Posted by: Daryl Rosenblatt at April 11, 2007 8:35 PM

How the man acknowledged for his role as provocateur of the fatal Freddy's fire in Harlem claims the moral high ground, without provoking gales of laughter, I will never know.

Posted by: abe at April 12, 2007 7:40 AM

Okay people why do some much of white America thinks REV Al and Jesse speak for all blacks? I hate to inform you they are very unpopular in the black community we consider them front runners.
Another point, for the longest time the black community has protested against the negative lyrics of some rap songs. As most of you conservatives like to blame the MSM for not reporting the news, why have you not reported that? Funnier still the largest consumer of rap is suburban white teenagers.
Or my favorite is well black comedians say it all the time. Chris Rock and Dave Chapelle the first examples people shout out. This may be news to you folks but those two use the words in their comedy as social commentary to point out the hypocrisy of the word and how it is used. But then again why look beyond a cheap laugh you one may be forced to think.

Posted by: Javaman at April 12, 2007 8:29 AM

Javaman - did you read Jason Whitlocks article at the Kansas City Star? That dude is righteous, and it just goes to show (again) what a bunch of preening hacks they are at ESPN that he was too honest to be allowed to sit next to King Lupica.

Posted by: rhodeymark at April 12, 2007 10:01 AM

Read it earlier this morning. I agree with much of it, but has a few facts wrong like "black-owned radio stations". Sad to say there are very few if any of those anymore. But that is another story for another day.

Another note the rumor is about 30 MSNBC employees meet with management there and said they had had enough of Imus. I just think Imus got hit with the perfect storm the lost ad revenue gave all the people he has picked on the ammunition they needed to fight back.

Posted by: Javaman at April 12, 2007 10:16 AM

Whiny, racebaiting, glassjawed, soon to be lifetime victims ... under Al Sharptons keen guidance they may never have to think or work for themselves again ...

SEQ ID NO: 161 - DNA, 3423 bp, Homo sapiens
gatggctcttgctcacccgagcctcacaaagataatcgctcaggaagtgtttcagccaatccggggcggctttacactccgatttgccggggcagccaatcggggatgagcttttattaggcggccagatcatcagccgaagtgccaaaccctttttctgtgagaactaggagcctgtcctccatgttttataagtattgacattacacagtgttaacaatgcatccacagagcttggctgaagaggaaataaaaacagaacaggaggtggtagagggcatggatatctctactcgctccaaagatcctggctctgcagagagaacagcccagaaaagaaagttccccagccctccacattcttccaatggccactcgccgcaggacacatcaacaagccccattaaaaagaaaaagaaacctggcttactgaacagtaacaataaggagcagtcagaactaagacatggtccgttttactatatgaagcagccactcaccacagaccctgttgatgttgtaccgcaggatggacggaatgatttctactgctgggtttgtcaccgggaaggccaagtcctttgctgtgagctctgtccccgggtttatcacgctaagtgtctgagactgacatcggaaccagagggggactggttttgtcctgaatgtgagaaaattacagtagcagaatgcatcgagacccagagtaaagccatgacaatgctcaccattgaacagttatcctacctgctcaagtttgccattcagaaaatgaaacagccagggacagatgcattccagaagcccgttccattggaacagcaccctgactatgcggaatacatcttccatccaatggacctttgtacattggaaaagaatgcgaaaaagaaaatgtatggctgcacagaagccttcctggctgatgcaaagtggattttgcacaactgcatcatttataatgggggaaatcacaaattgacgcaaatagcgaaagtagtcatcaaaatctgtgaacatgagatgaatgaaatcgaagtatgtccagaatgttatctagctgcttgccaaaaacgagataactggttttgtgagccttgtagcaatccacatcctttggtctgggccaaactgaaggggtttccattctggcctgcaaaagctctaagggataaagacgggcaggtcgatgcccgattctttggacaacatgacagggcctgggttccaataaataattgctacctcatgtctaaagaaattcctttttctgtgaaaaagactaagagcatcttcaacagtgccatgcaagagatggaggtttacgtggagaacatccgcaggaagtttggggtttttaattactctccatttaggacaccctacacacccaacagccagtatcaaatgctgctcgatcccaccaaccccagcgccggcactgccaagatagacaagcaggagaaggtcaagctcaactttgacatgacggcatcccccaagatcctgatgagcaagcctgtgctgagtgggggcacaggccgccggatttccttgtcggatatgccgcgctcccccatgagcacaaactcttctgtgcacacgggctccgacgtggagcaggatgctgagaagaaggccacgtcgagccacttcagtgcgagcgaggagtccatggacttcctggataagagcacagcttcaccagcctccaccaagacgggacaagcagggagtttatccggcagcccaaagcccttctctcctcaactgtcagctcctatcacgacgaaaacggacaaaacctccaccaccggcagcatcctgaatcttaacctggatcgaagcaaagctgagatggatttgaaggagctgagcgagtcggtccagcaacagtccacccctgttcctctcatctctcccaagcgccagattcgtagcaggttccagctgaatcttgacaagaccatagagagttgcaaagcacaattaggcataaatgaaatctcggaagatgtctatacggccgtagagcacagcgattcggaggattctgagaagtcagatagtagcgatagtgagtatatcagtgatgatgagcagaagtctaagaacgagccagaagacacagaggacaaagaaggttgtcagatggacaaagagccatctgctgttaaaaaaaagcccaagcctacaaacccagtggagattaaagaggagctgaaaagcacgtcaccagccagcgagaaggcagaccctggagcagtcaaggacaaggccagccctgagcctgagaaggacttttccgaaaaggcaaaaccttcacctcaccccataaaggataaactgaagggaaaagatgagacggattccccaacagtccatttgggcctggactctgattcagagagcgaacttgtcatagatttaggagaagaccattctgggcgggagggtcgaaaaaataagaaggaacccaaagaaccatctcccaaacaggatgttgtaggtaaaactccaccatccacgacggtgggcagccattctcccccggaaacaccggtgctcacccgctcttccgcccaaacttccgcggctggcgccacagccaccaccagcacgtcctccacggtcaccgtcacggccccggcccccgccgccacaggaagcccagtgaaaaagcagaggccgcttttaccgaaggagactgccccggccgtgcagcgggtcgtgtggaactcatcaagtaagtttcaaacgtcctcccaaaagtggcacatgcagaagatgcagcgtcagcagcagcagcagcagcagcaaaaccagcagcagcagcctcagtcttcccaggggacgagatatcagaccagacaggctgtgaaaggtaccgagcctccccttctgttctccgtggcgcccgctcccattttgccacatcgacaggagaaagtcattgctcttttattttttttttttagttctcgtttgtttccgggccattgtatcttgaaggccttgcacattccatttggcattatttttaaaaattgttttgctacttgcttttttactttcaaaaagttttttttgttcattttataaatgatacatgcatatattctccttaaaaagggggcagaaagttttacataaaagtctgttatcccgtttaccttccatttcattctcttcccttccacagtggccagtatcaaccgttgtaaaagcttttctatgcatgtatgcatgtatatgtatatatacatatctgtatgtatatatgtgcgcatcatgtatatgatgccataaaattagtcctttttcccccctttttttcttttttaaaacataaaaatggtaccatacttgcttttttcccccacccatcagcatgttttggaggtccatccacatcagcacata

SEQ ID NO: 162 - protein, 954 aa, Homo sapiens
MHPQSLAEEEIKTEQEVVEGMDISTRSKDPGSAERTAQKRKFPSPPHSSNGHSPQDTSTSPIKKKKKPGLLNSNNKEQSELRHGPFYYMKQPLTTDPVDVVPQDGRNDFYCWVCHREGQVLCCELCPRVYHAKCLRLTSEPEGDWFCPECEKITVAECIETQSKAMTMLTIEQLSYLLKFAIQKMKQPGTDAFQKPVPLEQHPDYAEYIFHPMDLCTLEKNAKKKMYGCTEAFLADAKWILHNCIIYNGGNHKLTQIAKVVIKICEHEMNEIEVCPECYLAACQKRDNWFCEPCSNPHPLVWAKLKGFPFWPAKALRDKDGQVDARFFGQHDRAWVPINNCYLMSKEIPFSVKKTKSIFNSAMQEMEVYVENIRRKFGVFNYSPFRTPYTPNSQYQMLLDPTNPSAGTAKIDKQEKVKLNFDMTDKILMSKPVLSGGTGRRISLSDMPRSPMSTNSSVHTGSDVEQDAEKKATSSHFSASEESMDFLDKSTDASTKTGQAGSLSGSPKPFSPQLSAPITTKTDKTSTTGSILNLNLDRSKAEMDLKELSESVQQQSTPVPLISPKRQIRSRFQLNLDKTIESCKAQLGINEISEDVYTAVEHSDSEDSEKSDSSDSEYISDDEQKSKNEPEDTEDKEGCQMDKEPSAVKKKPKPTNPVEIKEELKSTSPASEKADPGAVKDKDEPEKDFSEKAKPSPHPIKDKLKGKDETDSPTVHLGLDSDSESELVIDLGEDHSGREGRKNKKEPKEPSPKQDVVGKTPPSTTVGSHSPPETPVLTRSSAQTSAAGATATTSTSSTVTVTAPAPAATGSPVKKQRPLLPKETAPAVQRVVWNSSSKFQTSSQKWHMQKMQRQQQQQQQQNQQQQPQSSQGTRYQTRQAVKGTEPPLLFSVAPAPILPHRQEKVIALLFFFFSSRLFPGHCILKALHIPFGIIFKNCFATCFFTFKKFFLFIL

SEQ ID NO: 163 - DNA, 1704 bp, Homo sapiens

Posted by: Jeff at April 13, 2007 3:25 PM

I did not know that Rutgers, had outlawed rap music on campus, if only the horrid comments uttered by Imus offends them. No I personally have been offended about the pubescent mentality on the airwave especially by senior citizens. Why should any one care after generations of decline. If men will not be governed by the Ten Commandments, they shall be governed by the ten thousand commandments.--G.K. Chesterton. Now let the ax fall on all. What about the hundreds of men who quoted the exact same words that Imus said; on radio, tv and during political debates, using the mass media to convey verbatim the same mental images? I guess it was the free shock hour out their FOR THEM. If they can speak those words with impunity when will the slip of the tongue get them? Straining at large gnats, and swallowing giant camels, these hippy cripes. Fire Me!

Posted by: Ira at April 14, 2007 1:11 AM

If the youth of our nation learn nothing else from this episode. may it give them pause when they consider the eternal question --

"Should we hire a stripper for the party?"

Posted by: John at April 14, 2007 11:39 PM

i find it ludicrus that all this righteous indignation and hurt is being expressed by a community that pays people huge profits to insult themselves ...every day ...for decades.
...and all they could come up with in response ... on tim russerts show was ...well ...things are changing ...rap sales are down 20% this year.
...give me a break.
...going after don imus for saying the same thing ... that snoop doggy breath gets big bucks to say...with serious consequences... to 10 % of americans ...and really to all americans ..is laughable.

Posted by: all hat no cattle at April 16, 2007 12:30 AM